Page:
Census shows industry at worst but it vows to change

adland 2The challenge the advertising and marketing industry faces in overcoming deep-rooted male dominance has been confirmed in the sector’s first ever Census, which exposes a profession still led by public school-educated white men who seemingly squeeze every last drop out of their highly stressed workforce.

Organised by the Advertising Association, the IPA and ISBA, with support from other trade bodies including the DMA, the “All in Census” took place on March 10 to March 22 this year, gathering 16,016 responses. It asked UK advertising professionals – whether client, agency or supplier side – to share experiences in the workplace in an effort to collect a unique industry dataset.

Designed to tackle concerns around diversity and inclusion, the Census is part of a long-term plan being driven by the Inclusion Working Group to build a better workplace through an action plan outlined in the All in Report.

Major areas of concern include the findings that just 1% of black talent are in C-suite positions, compared to 3% in the general UK population, while disabled talent are underrepresented (just 9% vs 20% working age population) with 22% likely to leave their organisation compared to the industry average of 9%.

Meanwhile, people whose parents had professional backgrounds are significantly overrepresented (64% vs 37% national average) and 20% of UK advertising professionals attended fee paying schools compared to a national average of just 8%.

In addition, mental health is a problem across the workforce with nearly a third (31%) of the workforce stressed or anxious.

When it comes to gender issues, over half (53%) of women who took parental leave felt it disadvantaged their career, while a 10% pay gap emerged at senior manager level and above.

Some 12% of women have experienced sexual discrimination yet less than 2 in 5 (38%) feel able to report discrimination against others, dropping to 26% when reporting personal discrimination.

However, it is not all doom and gloom as 83% of participants believe their company is actively taking steps to be more inclusive.

Meanwhile, ethnic minorities make up 16% of the UK advertising workforce, compared to 12% in UK working population and this level increases to 24% of 18- to 24-year-olds.

In response to the findings, the All In Report has pinpointed key actions for the industry to make swift progress, specifically:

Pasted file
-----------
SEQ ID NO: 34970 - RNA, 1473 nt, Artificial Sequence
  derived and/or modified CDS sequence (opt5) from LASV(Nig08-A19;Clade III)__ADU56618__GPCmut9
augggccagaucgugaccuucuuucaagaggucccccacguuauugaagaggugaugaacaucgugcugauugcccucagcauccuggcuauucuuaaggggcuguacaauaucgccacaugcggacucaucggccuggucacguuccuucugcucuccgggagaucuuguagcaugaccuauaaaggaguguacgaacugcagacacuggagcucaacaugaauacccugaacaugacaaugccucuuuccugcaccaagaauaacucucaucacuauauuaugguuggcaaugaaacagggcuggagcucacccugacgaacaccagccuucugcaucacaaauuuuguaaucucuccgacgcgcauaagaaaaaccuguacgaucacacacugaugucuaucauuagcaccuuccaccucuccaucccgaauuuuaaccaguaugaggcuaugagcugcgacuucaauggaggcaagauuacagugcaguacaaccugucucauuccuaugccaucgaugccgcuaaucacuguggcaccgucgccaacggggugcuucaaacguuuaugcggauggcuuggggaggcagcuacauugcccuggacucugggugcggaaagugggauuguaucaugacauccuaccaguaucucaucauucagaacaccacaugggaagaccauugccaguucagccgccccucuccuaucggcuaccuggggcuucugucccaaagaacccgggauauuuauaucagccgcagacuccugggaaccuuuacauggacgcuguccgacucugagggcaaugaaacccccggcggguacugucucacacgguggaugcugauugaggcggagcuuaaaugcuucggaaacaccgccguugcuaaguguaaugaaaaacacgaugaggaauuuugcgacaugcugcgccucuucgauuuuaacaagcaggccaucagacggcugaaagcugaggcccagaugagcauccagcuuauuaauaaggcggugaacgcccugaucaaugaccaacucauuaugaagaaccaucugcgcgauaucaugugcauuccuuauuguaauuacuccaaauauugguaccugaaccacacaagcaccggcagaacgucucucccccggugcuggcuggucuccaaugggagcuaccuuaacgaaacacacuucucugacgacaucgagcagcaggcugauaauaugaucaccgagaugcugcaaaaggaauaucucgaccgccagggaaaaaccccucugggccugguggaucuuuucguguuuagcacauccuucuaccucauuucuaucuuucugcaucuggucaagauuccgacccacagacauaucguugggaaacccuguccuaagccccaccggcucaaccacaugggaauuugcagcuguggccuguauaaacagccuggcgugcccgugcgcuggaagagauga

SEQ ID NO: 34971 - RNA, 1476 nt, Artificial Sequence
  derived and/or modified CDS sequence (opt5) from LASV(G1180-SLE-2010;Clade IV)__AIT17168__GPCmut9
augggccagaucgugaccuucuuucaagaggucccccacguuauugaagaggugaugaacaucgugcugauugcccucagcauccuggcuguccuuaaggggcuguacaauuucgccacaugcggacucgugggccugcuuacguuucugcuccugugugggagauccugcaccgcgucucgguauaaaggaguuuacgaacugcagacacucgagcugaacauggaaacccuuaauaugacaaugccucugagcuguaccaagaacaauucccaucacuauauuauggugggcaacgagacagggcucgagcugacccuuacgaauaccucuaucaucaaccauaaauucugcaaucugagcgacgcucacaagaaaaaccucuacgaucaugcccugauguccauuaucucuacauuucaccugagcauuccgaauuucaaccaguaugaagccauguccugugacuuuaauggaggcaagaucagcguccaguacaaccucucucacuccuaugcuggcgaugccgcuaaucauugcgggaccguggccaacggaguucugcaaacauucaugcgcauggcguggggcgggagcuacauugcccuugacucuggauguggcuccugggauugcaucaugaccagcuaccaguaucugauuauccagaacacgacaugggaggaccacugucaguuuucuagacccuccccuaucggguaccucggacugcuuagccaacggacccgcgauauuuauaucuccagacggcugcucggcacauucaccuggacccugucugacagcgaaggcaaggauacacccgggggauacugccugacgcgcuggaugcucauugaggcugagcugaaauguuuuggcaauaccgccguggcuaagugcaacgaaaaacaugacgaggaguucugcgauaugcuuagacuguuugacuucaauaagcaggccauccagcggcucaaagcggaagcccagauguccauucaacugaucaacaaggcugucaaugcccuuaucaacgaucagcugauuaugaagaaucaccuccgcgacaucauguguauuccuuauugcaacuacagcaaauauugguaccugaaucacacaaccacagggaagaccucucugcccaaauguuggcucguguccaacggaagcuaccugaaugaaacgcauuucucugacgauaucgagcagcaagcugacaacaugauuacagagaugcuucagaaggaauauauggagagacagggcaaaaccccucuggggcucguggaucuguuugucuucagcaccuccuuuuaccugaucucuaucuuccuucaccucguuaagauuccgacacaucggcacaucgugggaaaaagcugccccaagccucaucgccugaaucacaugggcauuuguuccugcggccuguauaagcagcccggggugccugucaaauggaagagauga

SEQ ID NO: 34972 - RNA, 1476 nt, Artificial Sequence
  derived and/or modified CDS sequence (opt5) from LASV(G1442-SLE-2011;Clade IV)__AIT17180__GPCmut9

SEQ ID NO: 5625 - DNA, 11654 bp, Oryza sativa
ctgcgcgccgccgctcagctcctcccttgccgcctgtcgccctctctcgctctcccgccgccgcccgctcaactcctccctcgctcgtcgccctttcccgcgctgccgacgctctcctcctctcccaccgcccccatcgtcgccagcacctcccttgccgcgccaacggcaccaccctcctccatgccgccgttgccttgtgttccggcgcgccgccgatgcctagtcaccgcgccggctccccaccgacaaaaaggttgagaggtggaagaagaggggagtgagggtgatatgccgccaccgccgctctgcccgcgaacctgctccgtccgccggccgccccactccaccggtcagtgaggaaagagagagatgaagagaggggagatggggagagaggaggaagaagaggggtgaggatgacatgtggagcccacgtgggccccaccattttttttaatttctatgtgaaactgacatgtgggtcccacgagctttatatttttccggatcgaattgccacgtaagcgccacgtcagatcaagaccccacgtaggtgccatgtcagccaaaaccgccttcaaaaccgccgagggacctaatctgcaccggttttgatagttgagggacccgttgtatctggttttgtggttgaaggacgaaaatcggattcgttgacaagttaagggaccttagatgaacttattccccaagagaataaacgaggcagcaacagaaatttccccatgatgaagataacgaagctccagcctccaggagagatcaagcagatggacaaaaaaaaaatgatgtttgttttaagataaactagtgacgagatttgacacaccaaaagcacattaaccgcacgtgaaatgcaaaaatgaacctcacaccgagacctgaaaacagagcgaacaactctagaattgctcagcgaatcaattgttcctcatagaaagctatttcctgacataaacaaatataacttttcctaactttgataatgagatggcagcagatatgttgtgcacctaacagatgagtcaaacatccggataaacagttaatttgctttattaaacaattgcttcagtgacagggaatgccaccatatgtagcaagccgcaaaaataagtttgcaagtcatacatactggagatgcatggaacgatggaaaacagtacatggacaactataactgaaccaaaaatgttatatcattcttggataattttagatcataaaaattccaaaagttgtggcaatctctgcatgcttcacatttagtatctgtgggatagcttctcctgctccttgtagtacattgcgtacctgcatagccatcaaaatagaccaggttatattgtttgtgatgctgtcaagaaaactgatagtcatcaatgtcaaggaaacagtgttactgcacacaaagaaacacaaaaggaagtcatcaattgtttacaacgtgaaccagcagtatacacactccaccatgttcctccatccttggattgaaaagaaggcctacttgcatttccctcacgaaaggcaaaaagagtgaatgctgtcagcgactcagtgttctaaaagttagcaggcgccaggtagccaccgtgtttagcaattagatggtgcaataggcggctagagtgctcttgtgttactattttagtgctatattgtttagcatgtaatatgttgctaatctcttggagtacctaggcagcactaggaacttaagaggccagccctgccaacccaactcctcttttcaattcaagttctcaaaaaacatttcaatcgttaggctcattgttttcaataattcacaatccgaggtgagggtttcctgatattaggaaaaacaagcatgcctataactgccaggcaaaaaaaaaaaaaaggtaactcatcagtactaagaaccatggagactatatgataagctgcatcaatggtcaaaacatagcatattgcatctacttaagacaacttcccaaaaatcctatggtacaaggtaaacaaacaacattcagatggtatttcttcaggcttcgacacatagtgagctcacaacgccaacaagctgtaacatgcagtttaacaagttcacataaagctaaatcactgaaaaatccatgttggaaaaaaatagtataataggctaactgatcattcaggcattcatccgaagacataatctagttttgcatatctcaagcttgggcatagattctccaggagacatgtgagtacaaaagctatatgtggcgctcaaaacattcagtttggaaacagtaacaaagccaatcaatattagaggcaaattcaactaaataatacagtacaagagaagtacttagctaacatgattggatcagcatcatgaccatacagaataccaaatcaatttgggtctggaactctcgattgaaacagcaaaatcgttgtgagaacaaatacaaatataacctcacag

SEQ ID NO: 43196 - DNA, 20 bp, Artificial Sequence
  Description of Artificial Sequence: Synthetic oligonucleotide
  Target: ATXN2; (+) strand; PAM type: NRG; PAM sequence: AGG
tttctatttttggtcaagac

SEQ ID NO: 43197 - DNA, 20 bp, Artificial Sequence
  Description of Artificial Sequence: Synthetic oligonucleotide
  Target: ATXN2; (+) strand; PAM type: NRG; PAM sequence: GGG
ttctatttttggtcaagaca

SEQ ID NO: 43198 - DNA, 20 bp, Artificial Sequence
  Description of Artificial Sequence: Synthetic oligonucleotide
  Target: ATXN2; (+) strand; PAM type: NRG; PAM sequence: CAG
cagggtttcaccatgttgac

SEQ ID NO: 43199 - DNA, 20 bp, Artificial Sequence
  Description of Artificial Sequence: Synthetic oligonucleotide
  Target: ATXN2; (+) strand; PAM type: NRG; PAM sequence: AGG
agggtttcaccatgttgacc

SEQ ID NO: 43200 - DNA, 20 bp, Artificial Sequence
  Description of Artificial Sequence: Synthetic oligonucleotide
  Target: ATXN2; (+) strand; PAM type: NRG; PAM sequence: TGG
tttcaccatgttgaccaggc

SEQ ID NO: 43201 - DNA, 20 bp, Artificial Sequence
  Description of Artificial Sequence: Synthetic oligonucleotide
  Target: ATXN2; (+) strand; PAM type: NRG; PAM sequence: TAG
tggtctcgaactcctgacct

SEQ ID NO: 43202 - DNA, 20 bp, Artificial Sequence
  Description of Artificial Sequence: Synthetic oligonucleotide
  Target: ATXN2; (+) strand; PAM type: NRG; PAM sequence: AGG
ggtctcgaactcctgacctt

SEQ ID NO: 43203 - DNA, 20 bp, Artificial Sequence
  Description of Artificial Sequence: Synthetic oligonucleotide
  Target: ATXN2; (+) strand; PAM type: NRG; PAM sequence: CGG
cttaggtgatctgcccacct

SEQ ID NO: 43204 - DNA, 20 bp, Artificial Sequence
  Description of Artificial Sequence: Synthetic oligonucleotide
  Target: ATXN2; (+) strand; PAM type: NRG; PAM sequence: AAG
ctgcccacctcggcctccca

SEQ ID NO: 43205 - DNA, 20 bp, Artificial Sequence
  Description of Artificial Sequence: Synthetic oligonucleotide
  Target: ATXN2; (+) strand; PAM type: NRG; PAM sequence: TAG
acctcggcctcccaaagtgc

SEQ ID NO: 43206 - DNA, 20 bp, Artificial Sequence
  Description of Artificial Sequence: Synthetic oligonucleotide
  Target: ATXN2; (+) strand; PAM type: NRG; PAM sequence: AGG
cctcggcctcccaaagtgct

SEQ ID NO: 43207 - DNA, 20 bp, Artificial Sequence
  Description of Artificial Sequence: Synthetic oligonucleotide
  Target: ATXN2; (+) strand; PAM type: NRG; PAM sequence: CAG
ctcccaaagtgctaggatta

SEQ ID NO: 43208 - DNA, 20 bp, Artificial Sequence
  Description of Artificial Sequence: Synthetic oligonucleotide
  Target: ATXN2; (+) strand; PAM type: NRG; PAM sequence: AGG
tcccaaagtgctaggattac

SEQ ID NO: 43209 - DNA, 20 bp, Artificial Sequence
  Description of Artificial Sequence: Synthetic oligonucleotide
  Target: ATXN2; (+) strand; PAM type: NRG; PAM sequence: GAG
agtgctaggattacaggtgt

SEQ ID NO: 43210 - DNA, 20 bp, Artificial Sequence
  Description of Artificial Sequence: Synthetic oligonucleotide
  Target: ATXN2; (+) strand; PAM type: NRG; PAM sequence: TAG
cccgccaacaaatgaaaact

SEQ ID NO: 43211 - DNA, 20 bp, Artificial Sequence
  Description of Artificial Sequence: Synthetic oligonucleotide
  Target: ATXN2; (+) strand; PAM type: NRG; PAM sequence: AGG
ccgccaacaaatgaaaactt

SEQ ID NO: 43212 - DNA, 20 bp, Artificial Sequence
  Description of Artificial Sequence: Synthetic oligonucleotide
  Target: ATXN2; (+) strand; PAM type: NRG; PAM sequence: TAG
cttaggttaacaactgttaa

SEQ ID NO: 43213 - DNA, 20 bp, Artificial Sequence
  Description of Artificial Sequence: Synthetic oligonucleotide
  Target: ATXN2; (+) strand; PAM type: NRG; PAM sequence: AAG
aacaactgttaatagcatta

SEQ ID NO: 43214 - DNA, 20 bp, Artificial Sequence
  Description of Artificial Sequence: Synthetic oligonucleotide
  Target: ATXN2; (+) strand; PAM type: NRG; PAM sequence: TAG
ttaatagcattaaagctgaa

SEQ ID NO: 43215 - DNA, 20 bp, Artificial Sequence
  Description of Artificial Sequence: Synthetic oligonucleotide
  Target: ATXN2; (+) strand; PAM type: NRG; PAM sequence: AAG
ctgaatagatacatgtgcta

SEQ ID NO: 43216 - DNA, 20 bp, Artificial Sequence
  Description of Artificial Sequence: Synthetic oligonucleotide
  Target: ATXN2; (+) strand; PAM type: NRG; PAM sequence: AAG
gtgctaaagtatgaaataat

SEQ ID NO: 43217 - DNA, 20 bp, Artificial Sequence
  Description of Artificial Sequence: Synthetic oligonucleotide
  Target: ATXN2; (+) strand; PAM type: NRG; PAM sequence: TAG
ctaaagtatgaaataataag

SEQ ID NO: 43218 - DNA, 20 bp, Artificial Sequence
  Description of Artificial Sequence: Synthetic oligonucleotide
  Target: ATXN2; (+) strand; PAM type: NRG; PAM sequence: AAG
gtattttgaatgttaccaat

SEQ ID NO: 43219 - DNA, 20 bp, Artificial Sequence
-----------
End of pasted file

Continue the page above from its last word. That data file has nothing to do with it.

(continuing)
– On improving the experience and representation of black talent, the rapid adoption of the newly launched BRiM (Black Representation in Marketing) framework, which is powered by a group of the world’s largest advertisers and agency partners and leading members of the black community, as well as industry diversity, equity, and inclusion experts.

– On supporting disabled professionals, the immediate audit of websites across the industry to ensure full accessibility online.

– On encouraging talent from working class backgrounds, the uptake of the Social Mobility Commission Toolkit for the creative industries.

In addition, a comprehensive directory of inclusion schemes and initiatives that can be accessed by companies in the UK advertising industry has been compiled by the Inclusion Working Group, dubbed The All In Directory, with details on how to recruit, support and advance talent.

The group will be publishing a further series of actions later this year as it continues to review the All In Census results and where greater inclusion can be achieved.

In order to encourage swift action, the group has also introduced a process for any company wishing to declare publicly that it is an All In Company, following the publication of today’s plan. They will be asked to provide evidence of implementation across the three actions, in return for All In materials which can be used in company credentials.

Culture Minister Caroline Dinenage said: “The All In Census can help further improve representation across the advertising landscape and build on the work done to date on inclusion in the creative industries. I look forward to continuing to work closely with the sector and seeing the long-term impact of this vital work.”

Inclusion Group chair Kathryn Jacob, who is also chief executive of Pearl & Dean, commented: “It is now time for action. Our census results have provided the benchmark data we need and the way forward is clear. We urge all companies in our industry to engage with the All In Action Plan to help make rapid progress on these critical areas.

“Everyone deserves a workplace where they feel included and it is in our power to make that happen now. The benefits, social and economic, will be huge as we build our way out of the pandemic.”

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